Poster, presented at IWAR'99, San Francisco, October 20-21, 1999

Interactive Virtual Relighting and Remodeling of Real Scenes

Celine Loscos, Marie-Claude Frasson , George Drettakis, Bruce Walter


Lighting design is often tedious due to the required physical manipulation of real light sources and objects. As an alternative, we present an interactive system [Loscos99] to virtually modify the lighting and geometry of scenes with both real and synthetic objects, including mixed real/virtual lighting and shadows.

  1. Reflectance Estimation
  2. In our method, real scene geometry is first approximately reconstructed from photographs. Additional images are taken from a single viewpoint with a real light in different positions to estimate reflectance. A filtering process is used to compensate for inaccuracies, and per image reflectances are averaged to generate an approximate diffuse reflectance image for the given viewpoint, removing shadows in the process.

    An example of extracted reflectance is given in Figure 1 (b) corresponding to the photograph of Figure 1(a). Other approaches could be used [Yu99] for diffuse and specular reflectance extraction. This reflectance estimate is used to initialise a global illumination hierarchical radiosity system, representing real-world secondary illumination. Direct illumination from lights is calculated separately using ray-casting and a table for efficient reuse of data where appropriate. Figure 1 (c) shows shadow reprojection using the estimated reflectance (b).


    Figure 1. (a) Original captured image, (b) reflectance estimate by merging images of many light positions, (c) reprojected image with no scene/lighting modification, (d) the relit image after door removal in 2.9 s. (resolution 512x340). (e) Virtual chair added in 3.4 s., and (f) a virtual light added in 6.6 s. (On a 250Mhz R10000 SGI).

  3. Interactive Modifications
  4. After completing these preprocessing steps, we are ready to interactively model and relight our scene. When modifying the lighting or the geometry of the scene (either real, virtual or both), direct and indirect light are efficiently updated. The regions of the image for which direct illumination must be recomputed are efficiently identified and shaft data structures are used for dynamic global illumination updates. These same structures also allow efficient recomputation of indirect light.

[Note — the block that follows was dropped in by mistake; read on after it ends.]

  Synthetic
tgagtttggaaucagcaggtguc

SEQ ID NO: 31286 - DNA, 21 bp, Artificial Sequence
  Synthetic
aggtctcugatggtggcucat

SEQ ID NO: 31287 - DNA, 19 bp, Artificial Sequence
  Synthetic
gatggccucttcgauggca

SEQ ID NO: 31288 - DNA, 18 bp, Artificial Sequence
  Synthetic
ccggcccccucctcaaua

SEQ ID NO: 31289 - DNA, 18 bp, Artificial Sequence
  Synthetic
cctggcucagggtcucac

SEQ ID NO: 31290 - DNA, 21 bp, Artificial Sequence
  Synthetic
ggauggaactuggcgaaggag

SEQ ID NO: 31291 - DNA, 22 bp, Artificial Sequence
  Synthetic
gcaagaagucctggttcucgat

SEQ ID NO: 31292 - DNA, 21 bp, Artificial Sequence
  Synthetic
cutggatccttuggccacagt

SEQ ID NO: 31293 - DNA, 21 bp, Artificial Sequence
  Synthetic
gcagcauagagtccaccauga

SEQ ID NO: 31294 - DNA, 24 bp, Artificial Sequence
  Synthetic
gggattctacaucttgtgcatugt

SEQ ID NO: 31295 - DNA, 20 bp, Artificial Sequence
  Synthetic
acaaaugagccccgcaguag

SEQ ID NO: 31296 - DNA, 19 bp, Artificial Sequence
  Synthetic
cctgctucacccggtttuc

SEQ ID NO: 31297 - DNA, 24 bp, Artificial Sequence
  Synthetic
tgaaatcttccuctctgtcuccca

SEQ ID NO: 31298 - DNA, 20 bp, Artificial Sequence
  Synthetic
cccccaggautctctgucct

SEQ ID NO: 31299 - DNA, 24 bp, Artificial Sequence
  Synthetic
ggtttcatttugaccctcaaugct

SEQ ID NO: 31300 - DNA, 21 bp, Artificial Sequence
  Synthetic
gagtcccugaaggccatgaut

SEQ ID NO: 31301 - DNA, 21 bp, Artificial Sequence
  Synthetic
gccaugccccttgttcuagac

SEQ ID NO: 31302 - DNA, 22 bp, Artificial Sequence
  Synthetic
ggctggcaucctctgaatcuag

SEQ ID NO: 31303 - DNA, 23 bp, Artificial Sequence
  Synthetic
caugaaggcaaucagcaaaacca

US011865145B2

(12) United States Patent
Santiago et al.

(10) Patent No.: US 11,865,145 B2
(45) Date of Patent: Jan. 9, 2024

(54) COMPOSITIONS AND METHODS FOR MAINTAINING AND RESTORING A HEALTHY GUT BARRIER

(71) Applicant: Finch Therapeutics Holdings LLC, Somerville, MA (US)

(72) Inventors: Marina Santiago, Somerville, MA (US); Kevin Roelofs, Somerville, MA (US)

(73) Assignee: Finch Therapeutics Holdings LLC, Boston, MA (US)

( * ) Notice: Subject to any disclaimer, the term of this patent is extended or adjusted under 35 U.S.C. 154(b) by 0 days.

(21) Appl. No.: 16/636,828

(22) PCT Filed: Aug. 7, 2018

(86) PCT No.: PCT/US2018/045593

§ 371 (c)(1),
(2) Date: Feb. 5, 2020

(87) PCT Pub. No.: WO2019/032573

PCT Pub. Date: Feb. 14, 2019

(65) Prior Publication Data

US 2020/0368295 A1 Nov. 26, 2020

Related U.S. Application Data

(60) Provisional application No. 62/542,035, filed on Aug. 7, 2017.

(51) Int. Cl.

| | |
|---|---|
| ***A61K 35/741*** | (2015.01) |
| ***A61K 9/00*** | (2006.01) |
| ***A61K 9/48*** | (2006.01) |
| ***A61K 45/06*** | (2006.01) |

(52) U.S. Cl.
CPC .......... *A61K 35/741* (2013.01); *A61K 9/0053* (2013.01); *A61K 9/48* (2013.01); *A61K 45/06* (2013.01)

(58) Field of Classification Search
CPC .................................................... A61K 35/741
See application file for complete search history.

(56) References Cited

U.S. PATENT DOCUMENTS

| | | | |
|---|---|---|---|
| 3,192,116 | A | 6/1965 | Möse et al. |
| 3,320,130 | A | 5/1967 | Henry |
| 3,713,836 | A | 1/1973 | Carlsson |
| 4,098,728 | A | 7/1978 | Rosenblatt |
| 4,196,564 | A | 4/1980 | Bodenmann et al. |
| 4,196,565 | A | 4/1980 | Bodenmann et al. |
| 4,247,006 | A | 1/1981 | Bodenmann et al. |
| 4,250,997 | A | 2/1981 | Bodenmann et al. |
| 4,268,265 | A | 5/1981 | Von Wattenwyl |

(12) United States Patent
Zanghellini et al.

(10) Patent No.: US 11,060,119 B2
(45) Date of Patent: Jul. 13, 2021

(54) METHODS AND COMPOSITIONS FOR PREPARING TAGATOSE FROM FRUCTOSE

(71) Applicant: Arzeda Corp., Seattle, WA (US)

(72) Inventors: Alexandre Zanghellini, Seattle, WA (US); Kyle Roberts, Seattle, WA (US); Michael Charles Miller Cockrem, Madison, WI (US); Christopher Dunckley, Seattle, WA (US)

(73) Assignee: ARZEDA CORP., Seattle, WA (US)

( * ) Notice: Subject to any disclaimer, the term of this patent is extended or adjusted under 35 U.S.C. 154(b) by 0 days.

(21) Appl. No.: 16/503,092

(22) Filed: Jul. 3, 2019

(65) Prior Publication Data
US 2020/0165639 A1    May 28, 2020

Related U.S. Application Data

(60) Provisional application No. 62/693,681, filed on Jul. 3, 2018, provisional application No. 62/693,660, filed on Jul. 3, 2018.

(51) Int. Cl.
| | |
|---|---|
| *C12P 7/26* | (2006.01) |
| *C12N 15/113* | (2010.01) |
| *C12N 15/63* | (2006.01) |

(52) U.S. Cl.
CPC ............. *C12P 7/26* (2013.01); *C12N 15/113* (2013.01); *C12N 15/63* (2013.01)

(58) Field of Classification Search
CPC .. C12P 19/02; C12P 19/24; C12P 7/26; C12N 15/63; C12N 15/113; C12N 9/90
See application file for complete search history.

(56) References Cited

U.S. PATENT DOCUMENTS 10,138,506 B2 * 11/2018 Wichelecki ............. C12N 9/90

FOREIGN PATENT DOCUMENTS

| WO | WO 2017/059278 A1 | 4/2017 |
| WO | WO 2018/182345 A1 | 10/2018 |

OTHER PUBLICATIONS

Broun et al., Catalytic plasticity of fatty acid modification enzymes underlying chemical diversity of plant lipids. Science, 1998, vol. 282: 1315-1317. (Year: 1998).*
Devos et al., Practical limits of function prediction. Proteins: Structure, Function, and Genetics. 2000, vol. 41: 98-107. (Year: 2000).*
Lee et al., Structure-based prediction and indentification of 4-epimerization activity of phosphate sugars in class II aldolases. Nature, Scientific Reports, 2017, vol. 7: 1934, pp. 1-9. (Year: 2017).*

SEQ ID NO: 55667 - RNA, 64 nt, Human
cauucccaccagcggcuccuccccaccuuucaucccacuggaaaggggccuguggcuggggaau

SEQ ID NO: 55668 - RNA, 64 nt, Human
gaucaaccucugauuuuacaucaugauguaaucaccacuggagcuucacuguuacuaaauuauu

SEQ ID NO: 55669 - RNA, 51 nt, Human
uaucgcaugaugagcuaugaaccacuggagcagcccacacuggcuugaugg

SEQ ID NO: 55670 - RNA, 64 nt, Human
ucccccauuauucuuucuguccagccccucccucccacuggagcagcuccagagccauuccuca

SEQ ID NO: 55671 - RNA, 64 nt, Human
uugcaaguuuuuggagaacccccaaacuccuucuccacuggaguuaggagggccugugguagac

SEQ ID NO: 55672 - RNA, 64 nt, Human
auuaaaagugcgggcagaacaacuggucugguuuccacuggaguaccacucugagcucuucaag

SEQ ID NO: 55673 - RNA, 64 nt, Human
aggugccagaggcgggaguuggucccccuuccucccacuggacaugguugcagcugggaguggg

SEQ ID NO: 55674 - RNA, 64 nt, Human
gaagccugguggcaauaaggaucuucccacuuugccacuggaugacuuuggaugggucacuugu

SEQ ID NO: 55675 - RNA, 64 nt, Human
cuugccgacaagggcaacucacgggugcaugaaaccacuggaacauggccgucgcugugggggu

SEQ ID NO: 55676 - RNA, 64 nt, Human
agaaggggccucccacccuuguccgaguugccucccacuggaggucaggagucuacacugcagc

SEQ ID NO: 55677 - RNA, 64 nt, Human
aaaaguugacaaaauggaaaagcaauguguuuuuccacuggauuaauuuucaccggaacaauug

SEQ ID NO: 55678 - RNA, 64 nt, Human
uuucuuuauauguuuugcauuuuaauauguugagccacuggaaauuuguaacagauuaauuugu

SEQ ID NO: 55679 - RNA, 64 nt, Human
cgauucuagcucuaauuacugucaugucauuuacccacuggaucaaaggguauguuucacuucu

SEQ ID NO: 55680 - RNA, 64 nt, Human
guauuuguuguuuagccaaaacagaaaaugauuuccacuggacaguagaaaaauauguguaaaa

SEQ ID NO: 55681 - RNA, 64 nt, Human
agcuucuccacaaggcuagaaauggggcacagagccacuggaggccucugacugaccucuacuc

Our system permits interactive modification of light emission and object positions, all with mixed real/virtual illumination effects. Real objects can be virtually removed using texture-filling algorithms for reflectance estimation.

    Examples of the results are shown in Fig. 1 (d)-(f): the removal of a real door, the addition of a virtual object and a virtual light. All changes take a few seconds.

    An accompanying paper was presented at the Eurographics workshop on Rendering '99 at Granada, Spain. The paper and some web movies of interactive use of the system can be found at: .


    Thanks to Xavier Granier and Pierre Poulin. iMAGIS is joint project of CNRS, INRIA, the Universite Joseph Fourier and the Institut National Polytechnique de Grenoble.


    [Loscos99] C. Loscos, M.-C. Frasson, G. Drettakis, B. Walter, X. Granier, and P. Poulin. Interactive virtual relighting and remodeling of real scenes. In Rendering Techniques '99 (10th Eurographics Workshop on Rendering). Springer-Verlag, June 1999.

    [Yu99] Y. Yu, P. Debevec, J. Malik, and T. Hawkins. Inverse global illumination: Recovering reflectance models of real scenes from photographs. In Proceedings of SIGGRAPH '99 , 1999.

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